No i think they did have concept of land ownership, alot of the conflicts that were fought during the later years of the Indian wars were fought over land ownership, however as their trading system was behind the Europeans they had a bad sense of how much their land was worth,and so would sell themselves short
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Re: Settlers/Immigrants vs. Native Americans

Postby Carlus Magnus » Thu Dec 01, 2011 3:28 pm

Dr. Strangelove wrote:I think you idealize it a bit too far. Read some of the diaries and other accounts. Most Native tribes wanted to find some kind of balance between western technology and their native culture lifestyle. They did not live in some kind of utopic Eden. They lived very rough and brutal lives. We often think about how rough infant mortality rates were for Europeans in the past, but Natives lived in even harsher conditions. They did not have access to as many domesticated crops. They did not have reliable trade routes connecting all the cultures together. There seem to have been periods when that was the case, but those cultures collapsed. They did not have some new age medical insight as people claim today. They were not somehow racially in-tune with nature. If a bad weather struck, they starved to death too. This happened so frequently that most of these cultures developed werewolf-like myths surrounding cannibalism which people were apt to do in dire circumstances. They lived closer to the edge than we do. I don't think many people would choose to live that way today.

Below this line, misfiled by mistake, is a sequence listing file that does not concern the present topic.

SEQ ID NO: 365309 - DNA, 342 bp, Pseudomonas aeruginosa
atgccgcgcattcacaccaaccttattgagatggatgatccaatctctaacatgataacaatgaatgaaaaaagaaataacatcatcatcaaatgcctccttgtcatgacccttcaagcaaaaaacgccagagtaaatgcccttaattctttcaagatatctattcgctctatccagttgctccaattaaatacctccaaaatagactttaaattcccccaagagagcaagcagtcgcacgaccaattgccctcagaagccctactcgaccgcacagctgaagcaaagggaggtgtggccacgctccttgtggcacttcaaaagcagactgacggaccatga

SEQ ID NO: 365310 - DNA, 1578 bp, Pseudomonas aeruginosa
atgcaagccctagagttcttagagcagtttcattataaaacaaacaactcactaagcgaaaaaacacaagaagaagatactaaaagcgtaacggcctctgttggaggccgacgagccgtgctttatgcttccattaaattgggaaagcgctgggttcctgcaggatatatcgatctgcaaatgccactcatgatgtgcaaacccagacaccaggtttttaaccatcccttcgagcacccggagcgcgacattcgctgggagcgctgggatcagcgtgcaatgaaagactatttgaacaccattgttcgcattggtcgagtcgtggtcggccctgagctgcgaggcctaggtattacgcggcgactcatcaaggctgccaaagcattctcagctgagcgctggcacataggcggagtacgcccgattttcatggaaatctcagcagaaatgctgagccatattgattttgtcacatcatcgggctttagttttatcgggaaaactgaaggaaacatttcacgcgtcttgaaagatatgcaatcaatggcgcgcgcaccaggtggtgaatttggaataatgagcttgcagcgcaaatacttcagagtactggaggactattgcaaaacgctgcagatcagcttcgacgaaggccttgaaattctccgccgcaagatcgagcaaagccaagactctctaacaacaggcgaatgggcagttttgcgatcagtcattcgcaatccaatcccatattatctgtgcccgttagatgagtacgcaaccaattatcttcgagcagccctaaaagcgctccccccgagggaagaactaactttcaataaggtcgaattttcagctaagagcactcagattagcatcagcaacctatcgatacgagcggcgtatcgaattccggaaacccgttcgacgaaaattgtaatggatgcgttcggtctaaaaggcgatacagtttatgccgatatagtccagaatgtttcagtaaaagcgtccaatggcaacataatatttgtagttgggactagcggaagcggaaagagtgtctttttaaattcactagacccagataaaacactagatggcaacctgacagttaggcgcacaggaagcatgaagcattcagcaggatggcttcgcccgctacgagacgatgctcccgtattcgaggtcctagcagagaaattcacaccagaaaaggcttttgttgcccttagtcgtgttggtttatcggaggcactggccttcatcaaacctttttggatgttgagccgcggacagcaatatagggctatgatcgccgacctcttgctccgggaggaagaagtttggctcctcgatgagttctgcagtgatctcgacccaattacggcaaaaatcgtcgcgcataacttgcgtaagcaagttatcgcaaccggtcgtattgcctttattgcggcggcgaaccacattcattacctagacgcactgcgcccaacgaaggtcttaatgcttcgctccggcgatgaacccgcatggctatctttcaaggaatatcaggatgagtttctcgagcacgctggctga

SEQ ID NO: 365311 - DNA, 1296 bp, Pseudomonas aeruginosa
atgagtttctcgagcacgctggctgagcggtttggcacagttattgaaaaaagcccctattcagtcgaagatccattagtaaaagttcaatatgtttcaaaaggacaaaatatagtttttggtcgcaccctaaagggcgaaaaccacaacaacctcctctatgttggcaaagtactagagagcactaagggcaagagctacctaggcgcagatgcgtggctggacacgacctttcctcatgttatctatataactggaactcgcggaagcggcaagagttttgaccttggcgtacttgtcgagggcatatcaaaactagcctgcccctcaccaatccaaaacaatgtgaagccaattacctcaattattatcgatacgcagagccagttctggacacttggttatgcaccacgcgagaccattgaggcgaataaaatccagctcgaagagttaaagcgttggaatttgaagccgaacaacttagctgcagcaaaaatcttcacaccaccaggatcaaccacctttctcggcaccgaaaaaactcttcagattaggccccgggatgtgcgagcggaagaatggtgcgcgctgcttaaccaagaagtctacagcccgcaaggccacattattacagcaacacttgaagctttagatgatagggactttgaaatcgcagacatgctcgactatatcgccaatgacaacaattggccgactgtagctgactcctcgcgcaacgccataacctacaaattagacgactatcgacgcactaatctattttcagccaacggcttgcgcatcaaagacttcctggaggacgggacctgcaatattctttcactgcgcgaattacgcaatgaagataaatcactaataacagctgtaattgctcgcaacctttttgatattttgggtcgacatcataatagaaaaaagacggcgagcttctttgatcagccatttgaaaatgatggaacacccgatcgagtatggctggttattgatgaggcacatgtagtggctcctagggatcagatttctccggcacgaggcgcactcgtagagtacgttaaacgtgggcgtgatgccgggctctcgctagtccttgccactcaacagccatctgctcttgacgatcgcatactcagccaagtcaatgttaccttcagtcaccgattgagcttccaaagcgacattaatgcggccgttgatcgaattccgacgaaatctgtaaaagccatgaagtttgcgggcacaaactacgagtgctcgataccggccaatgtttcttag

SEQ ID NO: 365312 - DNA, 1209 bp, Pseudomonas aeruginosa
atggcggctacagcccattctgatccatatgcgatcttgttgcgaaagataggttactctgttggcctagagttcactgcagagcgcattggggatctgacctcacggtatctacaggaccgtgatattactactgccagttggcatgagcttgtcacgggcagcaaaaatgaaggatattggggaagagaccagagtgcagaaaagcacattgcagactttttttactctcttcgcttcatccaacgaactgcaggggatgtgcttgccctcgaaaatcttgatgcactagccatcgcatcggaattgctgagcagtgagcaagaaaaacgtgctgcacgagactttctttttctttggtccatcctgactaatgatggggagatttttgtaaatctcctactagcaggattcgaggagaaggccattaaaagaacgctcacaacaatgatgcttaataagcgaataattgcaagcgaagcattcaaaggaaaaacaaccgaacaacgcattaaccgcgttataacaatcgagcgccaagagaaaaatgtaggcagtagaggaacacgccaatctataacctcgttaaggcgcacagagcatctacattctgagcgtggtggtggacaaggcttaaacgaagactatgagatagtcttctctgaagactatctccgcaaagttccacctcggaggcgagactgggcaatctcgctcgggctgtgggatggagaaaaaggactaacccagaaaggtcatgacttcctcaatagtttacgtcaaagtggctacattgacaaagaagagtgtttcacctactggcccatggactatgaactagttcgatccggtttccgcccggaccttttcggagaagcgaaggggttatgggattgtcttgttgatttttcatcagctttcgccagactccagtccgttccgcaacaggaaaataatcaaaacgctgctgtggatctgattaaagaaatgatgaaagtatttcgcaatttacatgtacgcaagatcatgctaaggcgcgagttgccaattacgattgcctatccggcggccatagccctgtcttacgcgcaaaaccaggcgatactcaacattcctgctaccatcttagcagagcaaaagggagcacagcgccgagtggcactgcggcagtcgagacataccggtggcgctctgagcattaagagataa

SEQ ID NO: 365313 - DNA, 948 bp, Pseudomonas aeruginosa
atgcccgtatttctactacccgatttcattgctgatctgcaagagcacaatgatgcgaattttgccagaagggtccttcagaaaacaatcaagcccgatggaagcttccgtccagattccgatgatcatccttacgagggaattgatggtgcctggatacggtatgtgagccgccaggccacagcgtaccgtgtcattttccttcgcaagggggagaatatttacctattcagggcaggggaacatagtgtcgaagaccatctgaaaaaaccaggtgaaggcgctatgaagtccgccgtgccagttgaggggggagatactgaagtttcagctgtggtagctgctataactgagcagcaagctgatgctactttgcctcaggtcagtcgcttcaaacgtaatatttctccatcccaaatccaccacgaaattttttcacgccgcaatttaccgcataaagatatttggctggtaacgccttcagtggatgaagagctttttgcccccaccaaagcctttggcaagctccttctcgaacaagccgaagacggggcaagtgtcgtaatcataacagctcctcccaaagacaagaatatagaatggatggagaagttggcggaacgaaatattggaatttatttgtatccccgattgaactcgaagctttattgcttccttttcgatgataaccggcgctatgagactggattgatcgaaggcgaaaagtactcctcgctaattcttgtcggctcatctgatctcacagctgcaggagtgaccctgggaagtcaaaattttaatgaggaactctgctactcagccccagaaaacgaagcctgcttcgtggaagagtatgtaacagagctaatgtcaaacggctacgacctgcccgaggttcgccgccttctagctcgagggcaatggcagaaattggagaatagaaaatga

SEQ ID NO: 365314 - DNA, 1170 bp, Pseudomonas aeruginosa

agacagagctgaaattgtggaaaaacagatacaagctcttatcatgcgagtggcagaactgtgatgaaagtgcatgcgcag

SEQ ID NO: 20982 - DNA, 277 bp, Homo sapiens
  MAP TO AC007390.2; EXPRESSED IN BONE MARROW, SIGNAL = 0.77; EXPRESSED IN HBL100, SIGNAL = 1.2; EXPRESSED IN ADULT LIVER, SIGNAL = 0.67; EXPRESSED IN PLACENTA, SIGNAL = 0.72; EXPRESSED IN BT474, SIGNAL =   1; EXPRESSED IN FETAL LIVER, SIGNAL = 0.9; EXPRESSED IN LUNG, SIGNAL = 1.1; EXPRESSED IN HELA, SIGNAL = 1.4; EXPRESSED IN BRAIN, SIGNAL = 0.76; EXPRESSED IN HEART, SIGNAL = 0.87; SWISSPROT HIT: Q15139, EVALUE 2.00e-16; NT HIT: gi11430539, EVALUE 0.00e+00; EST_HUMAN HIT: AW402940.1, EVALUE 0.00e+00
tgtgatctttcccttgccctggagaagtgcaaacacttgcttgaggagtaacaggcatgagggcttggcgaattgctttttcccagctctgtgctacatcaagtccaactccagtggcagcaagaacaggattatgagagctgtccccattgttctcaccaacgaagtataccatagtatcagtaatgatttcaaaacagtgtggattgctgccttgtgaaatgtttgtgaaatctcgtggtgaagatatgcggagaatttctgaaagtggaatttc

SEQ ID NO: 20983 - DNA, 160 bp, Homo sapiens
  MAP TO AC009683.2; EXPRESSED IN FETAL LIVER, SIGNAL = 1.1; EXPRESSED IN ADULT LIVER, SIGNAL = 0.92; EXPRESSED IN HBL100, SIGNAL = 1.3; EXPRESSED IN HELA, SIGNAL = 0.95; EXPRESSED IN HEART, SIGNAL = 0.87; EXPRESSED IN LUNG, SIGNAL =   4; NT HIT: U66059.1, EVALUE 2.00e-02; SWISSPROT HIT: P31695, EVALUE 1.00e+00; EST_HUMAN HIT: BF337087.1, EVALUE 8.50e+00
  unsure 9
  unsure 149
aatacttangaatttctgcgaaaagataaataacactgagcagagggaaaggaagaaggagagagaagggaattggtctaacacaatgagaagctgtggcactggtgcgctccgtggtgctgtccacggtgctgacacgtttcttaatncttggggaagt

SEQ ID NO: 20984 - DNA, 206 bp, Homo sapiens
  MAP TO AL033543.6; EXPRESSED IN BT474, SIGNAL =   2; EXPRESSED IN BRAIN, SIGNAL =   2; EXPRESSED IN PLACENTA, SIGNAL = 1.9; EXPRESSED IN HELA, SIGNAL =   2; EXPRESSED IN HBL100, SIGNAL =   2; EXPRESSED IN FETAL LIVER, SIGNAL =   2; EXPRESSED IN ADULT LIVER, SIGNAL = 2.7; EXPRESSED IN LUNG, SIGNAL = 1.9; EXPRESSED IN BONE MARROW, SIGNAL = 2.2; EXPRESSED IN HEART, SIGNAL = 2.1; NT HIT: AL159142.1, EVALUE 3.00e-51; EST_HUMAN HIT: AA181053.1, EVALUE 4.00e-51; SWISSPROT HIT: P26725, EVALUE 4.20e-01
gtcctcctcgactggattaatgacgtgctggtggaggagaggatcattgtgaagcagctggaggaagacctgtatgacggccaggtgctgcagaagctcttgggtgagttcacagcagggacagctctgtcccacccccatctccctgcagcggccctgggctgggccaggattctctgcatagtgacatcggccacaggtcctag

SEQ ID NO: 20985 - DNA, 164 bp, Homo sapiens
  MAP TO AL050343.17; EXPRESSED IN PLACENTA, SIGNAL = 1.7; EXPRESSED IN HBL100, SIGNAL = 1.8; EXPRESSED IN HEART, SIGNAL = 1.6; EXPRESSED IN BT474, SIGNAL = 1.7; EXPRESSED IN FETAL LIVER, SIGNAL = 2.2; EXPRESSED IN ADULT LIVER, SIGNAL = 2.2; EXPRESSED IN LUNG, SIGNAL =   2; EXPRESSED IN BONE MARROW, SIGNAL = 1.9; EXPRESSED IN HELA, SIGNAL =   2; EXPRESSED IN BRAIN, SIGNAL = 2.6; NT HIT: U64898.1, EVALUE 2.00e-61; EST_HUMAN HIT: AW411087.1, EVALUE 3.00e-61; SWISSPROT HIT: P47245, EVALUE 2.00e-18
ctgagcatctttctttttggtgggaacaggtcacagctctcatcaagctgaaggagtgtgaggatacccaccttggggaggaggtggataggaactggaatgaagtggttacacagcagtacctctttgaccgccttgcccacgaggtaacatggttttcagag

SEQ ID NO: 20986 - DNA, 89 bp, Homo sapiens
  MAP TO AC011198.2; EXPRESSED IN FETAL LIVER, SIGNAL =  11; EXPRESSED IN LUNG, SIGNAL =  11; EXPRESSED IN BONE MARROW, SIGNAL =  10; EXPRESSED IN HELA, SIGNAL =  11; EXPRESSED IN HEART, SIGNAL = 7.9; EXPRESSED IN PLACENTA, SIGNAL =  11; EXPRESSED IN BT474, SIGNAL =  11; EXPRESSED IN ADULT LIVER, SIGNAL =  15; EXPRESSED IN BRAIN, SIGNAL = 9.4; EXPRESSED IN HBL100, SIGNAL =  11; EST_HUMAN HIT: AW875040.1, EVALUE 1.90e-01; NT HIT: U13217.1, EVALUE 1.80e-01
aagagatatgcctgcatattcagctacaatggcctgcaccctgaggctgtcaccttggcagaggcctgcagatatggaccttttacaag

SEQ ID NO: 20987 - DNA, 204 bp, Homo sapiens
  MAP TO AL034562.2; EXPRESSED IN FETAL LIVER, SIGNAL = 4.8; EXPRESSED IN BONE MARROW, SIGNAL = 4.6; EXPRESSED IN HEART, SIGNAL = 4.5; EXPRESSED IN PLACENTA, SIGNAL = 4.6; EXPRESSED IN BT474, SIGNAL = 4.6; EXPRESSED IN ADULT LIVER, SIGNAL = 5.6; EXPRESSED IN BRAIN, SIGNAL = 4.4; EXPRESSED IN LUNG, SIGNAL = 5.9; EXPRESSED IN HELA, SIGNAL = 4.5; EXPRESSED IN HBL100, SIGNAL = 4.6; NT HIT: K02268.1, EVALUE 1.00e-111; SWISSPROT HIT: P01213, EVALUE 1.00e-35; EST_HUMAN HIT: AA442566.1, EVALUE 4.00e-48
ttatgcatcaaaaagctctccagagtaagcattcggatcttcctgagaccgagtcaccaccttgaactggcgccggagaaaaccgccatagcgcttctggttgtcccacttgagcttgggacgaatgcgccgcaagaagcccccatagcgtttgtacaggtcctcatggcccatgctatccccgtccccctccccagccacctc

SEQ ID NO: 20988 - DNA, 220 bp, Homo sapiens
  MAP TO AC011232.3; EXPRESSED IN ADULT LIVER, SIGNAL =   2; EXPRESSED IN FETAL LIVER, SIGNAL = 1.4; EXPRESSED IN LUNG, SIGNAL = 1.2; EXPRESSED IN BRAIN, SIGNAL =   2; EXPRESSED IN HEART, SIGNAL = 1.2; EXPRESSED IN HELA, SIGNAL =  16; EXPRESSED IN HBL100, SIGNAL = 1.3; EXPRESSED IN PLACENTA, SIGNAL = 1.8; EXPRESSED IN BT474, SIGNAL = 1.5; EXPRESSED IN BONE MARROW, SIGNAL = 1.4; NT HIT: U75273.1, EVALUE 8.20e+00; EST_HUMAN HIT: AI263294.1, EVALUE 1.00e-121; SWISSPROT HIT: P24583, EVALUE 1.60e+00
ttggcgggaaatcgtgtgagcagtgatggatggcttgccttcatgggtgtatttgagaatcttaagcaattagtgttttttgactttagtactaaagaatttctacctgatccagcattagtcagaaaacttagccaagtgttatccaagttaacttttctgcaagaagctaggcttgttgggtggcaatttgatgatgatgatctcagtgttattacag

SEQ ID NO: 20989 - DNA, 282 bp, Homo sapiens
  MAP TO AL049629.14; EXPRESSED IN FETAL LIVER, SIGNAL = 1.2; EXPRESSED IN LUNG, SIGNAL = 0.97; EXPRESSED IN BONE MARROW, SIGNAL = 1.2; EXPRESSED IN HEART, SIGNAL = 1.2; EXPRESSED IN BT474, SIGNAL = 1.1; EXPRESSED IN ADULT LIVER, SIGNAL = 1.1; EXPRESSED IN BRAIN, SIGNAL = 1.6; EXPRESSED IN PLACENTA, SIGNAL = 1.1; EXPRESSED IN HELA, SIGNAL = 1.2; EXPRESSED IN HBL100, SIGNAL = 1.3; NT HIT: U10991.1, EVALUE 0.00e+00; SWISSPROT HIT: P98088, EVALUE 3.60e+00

Also, I am not so sure you can state they held no concept of land ownership. I think it is more accurate to state they held a different concept of land ownership.


Dead On Doc. :goteam:
The Native Americans ability to survive in a harsh environment with little more than stone age technology is amazing. However, they were just human too. We shouldn't attach mystical qualities to them.